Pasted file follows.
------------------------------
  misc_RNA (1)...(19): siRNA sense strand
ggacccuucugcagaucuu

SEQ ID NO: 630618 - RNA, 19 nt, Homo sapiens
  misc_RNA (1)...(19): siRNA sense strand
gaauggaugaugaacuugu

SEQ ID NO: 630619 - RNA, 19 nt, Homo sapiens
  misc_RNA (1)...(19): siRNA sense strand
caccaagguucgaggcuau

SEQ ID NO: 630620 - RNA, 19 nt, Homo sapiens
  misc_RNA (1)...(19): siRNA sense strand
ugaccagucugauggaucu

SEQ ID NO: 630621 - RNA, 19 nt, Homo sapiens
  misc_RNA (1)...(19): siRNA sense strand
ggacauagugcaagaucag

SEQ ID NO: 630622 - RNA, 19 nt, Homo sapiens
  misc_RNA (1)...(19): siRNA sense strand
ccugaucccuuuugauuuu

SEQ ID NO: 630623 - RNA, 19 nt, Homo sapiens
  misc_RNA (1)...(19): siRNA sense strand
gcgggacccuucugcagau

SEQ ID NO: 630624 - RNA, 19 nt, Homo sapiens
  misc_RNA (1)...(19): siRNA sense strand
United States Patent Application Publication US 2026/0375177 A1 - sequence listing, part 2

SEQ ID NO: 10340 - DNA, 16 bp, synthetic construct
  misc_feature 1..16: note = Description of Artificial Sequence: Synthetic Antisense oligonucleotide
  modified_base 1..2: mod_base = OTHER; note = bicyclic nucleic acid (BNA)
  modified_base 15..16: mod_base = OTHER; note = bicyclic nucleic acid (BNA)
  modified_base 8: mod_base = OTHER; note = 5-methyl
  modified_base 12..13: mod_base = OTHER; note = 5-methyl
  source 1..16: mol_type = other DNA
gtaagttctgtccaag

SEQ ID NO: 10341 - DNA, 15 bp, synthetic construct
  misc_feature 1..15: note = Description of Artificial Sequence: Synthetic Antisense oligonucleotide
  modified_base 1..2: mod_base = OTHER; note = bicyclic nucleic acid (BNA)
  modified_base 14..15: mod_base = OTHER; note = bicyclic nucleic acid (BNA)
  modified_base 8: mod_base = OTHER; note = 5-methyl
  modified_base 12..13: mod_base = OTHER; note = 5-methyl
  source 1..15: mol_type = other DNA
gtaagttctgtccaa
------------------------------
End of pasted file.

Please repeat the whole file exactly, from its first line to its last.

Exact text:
  misc_RNA (1)...(19): siRNA sense strand
ggacccuucugcagaucuu

SEQ ID NO: 630618 - RNA, 19 nt, Homo sapiens
  misc_RNA (1)...(19): siRNA sense strand
gaauggaugaugaacuugu

SEQ ID NO: 630619 - RNA, 19 nt, Homo sapiens
  misc_RNA (1)...(19): siRNA sense strand
caccaagguucgaggcuau

SEQ ID NO: 630620 - RNA, 19 nt, Homo sapiens
  misc_RNA (1)...(19): siRNA sense strand
ugaccagucugauggaucu

SEQ ID NO: 630621 - RNA, 19 nt, Homo sapiens
  misc_RNA (1)...(19): siRNA sense strand
ggacauagugcaagaucag

SEQ ID NO: 630622 - RNA, 19 nt, Homo sapiens
  misc_RNA (1)...(19): siRNA sense strand
ccugaucccuuuugauuuu

SEQ ID NO: 630623 - RNA, 19 nt, Homo sapiens
  misc_RNA (1)...(19): siRNA sense strand
gcgggacccuucugcagau

SEQ ID NO: 630624 - RNA, 19 nt, Homo sapiens
  misc_RNA (1)...(19): siRNA sense strand
United States Patent Application Publication US 2026/0375177 A1 - sequence listing, part 2

SEQ ID NO: 10340 - DNA, 16 bp, synthetic construct
  misc_feature 1..16: note = Description of Artificial Sequence: Synthetic Antisense oligonucleotide
  modified_base 1..2: mod_base = OTHER; note = bicyclic nucleic acid (BNA)
  modified_base 15..16: mod_base = OTHER; note = bicyclic nucleic acid (BNA)
  modified_base 8: mod_base = OTHER; note = 5-methyl
  modified_base 12..13: mod_base = OTHER; note = 5-methyl
  source 1..16: mol_type = other DNA
gtaagttctgtccaag

SEQ ID NO: 10341 - DNA, 15 bp, synthetic construct
  misc_feature 1..15: note = Description of Artificial Sequence: Synthetic Antisense oligonucleotide
  modified_base 1..2: mod_base = OTHER; note = bicyclic nucleic acid (BNA)
  modified_base 14..15: mod_base = OTHER; note = bicyclic nucleic acid (BNA)
  modified_base 8: mod_base = OTHER; note = 5-methyl
  modified_base 12..13: mod_base = OTHER; note = 5-methyl
  source 1..15: mol_type = other DNA
gtaagttctgtccaa